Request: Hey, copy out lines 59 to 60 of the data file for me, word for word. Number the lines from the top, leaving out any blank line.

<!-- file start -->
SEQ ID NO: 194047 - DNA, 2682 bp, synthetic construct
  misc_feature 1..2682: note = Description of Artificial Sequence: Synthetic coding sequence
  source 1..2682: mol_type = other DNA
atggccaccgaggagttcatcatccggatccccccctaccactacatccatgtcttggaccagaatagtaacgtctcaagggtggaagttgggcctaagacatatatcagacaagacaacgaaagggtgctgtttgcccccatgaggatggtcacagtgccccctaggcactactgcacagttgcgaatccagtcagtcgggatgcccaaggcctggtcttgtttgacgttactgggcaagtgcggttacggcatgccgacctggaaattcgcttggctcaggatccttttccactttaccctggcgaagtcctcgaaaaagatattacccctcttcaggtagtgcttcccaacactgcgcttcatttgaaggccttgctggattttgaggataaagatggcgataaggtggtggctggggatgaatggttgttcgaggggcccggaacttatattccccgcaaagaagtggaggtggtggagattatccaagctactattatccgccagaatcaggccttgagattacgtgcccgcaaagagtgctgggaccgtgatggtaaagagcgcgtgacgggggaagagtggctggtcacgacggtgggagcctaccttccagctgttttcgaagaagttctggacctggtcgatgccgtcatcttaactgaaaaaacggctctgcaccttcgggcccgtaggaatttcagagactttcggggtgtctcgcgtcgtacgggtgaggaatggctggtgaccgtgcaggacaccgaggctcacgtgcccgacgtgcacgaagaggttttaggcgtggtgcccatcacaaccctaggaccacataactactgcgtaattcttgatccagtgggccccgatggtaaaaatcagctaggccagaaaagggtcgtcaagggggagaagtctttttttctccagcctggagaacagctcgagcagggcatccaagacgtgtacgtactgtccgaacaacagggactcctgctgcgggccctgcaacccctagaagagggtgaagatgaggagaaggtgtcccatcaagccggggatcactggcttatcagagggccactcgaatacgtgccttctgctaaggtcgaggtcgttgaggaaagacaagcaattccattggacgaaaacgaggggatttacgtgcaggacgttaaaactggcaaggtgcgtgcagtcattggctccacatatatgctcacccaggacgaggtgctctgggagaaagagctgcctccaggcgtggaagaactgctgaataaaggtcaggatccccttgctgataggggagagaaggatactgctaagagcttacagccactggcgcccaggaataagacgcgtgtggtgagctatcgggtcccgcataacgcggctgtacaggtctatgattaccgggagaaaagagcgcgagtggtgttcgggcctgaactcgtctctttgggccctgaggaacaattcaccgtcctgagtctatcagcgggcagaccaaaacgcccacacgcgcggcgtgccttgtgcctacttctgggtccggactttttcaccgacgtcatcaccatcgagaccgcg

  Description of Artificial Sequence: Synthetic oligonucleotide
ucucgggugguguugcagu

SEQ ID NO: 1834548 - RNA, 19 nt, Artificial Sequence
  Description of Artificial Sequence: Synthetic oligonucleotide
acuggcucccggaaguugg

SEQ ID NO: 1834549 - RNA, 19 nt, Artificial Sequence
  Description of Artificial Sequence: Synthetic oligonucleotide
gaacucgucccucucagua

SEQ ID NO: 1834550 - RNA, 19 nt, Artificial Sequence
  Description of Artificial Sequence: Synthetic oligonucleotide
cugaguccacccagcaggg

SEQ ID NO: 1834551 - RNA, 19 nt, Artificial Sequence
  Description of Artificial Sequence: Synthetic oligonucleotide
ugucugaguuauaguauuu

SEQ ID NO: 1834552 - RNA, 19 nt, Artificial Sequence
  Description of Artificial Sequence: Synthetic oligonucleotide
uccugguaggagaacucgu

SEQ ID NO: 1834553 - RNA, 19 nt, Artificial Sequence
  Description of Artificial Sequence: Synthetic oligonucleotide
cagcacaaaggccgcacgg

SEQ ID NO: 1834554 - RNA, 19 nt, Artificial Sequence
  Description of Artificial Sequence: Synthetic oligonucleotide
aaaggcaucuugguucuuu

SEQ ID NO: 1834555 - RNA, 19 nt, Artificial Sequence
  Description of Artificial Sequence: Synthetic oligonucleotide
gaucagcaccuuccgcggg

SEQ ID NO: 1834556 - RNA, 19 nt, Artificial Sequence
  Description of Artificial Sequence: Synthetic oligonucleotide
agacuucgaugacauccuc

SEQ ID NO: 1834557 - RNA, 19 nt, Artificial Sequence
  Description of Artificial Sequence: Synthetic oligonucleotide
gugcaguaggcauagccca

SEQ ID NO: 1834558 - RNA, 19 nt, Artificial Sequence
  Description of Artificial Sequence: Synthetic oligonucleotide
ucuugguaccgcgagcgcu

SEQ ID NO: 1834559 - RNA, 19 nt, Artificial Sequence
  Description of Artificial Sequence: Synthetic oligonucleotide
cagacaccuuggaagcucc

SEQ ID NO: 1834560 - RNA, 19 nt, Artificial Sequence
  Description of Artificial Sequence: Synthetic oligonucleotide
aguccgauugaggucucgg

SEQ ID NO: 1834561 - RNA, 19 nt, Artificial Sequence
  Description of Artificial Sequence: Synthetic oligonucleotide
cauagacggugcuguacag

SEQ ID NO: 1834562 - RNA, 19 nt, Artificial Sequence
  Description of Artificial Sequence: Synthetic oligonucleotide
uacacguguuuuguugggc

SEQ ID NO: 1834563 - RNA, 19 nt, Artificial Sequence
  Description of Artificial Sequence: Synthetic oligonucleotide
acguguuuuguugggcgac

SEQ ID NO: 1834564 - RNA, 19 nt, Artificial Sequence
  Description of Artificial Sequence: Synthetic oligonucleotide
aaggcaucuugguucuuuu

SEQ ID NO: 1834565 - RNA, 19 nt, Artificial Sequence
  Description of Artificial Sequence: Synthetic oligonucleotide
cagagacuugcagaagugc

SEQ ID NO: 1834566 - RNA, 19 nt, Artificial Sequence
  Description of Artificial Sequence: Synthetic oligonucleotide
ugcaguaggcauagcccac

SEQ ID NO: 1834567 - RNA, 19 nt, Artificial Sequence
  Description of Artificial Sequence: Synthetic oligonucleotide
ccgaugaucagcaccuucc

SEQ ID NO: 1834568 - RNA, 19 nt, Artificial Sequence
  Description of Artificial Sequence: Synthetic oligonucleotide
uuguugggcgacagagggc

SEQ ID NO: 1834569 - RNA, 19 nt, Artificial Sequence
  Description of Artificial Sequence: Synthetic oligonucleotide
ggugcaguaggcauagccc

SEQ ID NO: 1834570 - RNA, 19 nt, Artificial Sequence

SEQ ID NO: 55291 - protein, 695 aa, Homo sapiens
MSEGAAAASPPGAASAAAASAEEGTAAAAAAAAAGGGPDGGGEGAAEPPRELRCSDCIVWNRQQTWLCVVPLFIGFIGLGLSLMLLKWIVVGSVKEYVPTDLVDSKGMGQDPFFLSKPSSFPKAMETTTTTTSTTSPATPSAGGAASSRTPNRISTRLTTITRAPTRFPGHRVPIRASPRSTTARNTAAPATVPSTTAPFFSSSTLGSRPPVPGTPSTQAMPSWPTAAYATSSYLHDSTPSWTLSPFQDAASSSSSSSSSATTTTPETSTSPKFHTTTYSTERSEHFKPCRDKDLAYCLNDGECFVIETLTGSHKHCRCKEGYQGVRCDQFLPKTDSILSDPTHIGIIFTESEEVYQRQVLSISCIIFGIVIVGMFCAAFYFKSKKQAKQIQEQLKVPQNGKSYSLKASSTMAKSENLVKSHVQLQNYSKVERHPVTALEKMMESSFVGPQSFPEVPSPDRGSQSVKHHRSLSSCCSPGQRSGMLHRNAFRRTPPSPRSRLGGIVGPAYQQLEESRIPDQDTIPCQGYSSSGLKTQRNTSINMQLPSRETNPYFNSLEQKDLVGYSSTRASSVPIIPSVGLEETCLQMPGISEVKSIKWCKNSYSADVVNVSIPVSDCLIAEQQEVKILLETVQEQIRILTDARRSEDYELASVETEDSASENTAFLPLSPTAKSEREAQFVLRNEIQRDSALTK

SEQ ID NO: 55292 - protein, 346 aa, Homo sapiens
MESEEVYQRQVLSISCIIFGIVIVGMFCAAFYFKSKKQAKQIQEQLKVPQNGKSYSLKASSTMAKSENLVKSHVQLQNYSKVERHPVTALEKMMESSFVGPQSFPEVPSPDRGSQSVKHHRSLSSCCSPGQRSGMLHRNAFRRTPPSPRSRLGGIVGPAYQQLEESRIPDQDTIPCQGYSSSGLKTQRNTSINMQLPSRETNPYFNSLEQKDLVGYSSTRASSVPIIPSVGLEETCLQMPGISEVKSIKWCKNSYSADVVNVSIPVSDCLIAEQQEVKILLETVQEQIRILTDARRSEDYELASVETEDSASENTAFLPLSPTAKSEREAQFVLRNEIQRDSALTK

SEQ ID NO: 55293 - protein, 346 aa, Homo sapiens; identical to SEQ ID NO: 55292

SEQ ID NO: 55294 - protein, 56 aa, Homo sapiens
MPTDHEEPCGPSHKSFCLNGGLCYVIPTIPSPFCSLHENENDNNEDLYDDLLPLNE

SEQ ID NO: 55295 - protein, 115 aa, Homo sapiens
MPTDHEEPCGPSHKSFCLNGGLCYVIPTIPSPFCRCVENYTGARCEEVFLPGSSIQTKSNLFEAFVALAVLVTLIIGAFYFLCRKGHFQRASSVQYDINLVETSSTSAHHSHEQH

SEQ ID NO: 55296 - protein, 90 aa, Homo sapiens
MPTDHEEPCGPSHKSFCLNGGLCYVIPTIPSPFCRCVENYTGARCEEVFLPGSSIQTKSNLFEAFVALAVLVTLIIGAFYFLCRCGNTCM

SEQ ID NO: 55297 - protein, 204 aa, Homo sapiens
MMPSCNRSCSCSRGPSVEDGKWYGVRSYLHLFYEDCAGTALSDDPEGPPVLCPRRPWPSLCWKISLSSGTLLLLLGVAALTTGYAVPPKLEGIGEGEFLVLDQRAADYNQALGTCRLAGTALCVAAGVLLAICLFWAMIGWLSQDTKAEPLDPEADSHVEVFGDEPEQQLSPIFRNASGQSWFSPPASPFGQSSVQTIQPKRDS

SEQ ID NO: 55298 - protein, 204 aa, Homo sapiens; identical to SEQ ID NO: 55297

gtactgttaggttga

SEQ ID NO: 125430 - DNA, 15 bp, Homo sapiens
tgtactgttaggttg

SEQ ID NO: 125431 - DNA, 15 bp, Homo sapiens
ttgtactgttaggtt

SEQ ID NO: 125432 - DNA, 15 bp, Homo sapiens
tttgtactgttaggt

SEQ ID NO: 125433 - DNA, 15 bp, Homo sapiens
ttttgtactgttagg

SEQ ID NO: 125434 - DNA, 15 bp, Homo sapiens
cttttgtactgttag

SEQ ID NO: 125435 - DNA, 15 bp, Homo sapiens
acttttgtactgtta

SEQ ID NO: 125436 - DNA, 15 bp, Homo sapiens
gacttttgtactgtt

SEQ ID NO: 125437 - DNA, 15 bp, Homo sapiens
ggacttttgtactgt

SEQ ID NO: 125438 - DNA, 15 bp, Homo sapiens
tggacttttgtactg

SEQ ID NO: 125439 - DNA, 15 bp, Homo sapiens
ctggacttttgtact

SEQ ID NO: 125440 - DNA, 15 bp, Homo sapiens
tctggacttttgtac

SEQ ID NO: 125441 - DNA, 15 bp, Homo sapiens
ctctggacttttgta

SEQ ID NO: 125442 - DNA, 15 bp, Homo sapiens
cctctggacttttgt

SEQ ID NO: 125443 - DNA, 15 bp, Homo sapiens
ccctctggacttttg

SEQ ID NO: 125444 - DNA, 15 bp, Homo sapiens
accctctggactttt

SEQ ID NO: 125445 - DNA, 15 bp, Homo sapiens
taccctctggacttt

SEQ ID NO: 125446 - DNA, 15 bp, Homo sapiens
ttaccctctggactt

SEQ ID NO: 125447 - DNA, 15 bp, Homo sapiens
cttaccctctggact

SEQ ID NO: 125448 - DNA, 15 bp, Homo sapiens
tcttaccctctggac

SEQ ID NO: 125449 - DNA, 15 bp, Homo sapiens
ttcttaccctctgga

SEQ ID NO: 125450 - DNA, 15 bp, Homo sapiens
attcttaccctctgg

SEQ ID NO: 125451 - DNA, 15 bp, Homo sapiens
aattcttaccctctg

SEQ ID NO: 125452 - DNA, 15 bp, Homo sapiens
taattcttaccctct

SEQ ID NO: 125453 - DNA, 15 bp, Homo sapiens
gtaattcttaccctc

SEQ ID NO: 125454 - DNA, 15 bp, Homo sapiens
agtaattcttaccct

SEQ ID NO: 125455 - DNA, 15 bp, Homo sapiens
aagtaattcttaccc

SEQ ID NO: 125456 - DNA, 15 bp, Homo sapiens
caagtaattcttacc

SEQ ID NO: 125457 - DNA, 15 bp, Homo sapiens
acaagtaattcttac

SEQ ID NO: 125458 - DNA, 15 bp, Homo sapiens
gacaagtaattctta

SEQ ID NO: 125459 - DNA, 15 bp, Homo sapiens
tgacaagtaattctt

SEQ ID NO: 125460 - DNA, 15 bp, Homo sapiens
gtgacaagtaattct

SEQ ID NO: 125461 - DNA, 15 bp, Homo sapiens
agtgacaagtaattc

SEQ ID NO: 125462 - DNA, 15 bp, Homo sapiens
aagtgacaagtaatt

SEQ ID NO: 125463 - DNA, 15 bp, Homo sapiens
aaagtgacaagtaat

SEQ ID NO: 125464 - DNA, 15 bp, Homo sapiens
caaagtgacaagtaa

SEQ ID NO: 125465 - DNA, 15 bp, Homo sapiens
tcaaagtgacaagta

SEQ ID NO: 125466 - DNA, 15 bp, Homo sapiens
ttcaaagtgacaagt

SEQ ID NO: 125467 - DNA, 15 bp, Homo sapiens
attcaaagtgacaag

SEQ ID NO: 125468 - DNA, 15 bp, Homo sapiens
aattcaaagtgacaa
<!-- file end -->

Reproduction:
  Description of Artificial Sequence: Synthetic oligonucleotide
cagagacuugcagaagugc